What the audience said about previous shows:

Such a treat! Such a polished performance and wonderful script… I feel enriched by having had the opportunity to watch this.

‘Sex Crime and Punishment: a romp through history’ -presented by Steve Boyce

This presentation serves as an exploration of history in order to see how sex has been policed and the punishments metered out by the law on same sex desire in the UK over the last 500 years.

Steve’s talk will be based on sharing the history of this theme alongside personal anecdotes from a variety of sources. Steve Boyce the presenter is an experienced international speaker, prison educator, LGBT History Month Chair of Trustees and even has his own Prison TV show!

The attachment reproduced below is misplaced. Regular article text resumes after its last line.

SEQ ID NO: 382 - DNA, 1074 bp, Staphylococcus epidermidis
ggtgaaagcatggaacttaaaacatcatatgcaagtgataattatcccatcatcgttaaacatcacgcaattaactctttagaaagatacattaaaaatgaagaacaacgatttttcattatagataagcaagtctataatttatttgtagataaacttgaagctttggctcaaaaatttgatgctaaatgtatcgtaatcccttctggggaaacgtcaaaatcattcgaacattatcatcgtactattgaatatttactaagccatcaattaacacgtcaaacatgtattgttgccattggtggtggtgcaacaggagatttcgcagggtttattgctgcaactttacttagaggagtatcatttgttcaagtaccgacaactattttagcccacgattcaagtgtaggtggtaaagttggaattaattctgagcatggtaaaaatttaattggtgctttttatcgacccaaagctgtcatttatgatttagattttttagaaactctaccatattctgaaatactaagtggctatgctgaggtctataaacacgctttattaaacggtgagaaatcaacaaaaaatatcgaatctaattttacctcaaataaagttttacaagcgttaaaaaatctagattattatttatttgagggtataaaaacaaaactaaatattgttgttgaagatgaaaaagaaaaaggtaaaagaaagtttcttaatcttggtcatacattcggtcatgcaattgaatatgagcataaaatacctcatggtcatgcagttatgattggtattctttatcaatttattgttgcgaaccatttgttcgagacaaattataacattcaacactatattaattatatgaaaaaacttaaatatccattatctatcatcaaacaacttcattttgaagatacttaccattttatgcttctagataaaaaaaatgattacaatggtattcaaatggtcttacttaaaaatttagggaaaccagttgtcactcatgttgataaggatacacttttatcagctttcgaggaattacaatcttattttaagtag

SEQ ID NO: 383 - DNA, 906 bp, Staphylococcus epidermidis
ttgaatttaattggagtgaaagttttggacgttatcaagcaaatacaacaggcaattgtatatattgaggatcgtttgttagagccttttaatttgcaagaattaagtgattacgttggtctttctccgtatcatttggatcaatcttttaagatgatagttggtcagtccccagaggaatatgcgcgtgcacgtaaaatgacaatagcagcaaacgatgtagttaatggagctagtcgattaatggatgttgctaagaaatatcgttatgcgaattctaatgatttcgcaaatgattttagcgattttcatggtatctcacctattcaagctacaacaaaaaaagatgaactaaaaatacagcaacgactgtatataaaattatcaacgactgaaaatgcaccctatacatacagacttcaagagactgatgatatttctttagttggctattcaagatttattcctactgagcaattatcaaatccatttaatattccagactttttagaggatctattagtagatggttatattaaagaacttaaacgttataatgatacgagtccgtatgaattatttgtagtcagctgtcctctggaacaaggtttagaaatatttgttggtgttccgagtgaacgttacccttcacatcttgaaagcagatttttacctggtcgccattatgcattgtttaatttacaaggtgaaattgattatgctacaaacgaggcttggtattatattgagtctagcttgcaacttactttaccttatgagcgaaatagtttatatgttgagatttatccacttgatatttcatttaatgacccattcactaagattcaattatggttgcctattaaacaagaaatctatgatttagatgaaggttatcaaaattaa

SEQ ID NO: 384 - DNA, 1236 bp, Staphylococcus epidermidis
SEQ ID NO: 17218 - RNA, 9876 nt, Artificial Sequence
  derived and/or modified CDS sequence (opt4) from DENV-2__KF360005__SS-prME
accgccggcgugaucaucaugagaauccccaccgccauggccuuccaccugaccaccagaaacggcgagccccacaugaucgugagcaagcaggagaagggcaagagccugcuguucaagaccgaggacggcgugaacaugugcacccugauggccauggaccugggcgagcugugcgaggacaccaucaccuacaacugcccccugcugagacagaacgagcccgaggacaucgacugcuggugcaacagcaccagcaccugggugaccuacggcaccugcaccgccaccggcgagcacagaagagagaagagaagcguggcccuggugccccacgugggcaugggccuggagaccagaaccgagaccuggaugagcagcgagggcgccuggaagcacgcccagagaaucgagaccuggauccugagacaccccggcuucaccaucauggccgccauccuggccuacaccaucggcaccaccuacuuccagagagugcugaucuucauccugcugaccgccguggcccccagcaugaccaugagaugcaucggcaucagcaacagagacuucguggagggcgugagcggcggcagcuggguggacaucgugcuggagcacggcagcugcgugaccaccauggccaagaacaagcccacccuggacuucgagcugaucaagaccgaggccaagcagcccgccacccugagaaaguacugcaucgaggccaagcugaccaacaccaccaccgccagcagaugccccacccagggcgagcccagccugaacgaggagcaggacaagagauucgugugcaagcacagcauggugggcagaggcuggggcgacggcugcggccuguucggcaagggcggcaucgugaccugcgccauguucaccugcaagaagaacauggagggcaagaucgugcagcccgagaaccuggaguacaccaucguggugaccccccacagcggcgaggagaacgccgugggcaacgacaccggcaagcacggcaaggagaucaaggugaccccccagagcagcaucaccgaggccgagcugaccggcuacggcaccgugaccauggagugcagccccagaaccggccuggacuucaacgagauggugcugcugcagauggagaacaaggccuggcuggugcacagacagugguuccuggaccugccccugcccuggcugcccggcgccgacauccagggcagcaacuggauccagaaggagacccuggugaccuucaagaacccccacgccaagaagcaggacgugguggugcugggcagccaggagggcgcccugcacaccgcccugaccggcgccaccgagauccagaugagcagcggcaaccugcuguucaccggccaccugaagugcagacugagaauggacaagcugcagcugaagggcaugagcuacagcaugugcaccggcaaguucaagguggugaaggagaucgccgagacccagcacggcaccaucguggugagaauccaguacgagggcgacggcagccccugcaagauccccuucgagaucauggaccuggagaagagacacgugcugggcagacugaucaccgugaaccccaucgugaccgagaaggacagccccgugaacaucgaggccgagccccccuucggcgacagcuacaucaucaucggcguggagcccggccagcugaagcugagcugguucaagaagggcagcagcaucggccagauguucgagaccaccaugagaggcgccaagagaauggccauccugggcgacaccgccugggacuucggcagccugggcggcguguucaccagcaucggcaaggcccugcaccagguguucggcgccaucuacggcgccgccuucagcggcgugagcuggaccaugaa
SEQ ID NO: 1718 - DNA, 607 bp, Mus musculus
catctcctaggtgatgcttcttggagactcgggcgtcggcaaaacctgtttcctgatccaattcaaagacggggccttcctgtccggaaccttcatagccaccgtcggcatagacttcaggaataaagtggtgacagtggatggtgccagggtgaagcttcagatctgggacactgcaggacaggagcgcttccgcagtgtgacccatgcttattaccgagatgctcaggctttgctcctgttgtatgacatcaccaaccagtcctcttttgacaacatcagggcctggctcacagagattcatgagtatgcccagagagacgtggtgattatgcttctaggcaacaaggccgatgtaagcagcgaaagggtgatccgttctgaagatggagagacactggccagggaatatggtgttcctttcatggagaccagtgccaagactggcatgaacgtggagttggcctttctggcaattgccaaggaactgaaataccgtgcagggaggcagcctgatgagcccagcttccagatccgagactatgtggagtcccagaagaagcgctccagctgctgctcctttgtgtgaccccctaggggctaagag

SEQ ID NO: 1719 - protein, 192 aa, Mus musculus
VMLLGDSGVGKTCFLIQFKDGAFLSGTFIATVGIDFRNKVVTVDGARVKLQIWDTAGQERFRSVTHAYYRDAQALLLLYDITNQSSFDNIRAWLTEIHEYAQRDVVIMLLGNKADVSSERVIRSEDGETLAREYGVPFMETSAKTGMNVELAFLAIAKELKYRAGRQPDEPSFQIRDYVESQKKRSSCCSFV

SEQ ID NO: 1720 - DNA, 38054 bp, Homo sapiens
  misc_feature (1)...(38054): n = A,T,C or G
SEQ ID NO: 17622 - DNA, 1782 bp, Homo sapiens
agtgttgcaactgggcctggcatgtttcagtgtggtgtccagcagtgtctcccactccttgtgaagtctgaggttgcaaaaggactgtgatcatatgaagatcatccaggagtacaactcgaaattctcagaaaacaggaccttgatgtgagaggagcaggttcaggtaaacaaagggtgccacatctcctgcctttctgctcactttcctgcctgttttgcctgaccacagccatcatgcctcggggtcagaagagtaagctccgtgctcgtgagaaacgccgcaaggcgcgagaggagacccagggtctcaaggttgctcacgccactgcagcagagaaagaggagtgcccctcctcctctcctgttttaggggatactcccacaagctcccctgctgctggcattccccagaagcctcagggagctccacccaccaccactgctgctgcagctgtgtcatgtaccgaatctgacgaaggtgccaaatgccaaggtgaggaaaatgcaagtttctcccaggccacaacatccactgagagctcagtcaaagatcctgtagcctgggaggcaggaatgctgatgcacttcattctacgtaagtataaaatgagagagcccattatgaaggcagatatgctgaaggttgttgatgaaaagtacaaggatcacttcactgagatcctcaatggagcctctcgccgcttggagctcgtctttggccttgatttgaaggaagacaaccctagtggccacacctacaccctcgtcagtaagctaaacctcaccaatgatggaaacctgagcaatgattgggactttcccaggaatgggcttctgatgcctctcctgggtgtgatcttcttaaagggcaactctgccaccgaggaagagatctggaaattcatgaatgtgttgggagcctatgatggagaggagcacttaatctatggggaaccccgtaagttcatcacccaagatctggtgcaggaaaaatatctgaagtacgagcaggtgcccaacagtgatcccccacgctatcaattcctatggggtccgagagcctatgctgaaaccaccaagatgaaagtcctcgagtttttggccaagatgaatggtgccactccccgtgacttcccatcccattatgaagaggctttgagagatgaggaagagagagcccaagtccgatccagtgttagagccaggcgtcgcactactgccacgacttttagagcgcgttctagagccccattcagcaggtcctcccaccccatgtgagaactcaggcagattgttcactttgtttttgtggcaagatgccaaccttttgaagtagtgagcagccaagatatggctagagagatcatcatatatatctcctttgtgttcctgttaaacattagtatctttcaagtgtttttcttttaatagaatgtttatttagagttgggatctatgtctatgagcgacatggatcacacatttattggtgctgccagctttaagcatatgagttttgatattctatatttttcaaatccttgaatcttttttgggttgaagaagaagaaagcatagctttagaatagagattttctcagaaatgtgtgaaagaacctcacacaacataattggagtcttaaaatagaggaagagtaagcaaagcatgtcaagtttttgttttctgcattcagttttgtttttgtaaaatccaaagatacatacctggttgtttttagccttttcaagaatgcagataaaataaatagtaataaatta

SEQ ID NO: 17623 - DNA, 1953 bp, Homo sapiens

What shall we tell the children?
-presented by Peter Scott-Presland

At a time when sex education in schools is still a contested area, and the Government is still consulting over the issue, it is useful to look back over the last 170 years and survey the history of an area in which the treatment of the subject of homosexuality has been a litmus test for the effectiveness of a liberal SexEd. Starting with the shrill warnings against masturbation in the 19th century, it proceeds to look at the relationship between masturbation and homosexuality (usually male) in the minds of the educators, at tussles over the content of sex education and who should deliver it, the fraught introduction of any sex education at all into schools, and the minefield into which the Gay Liberation 

Front and the Campaign for Homosexual Equality blithely stepped in the late 1960s and early 1970s.  

This presentation will be based on material from Volume Two of the history of the Campaign for Homosexual Equality, ‘Amiable Warriors’ – The Road to Morecambe Pier – which is due out in 2019.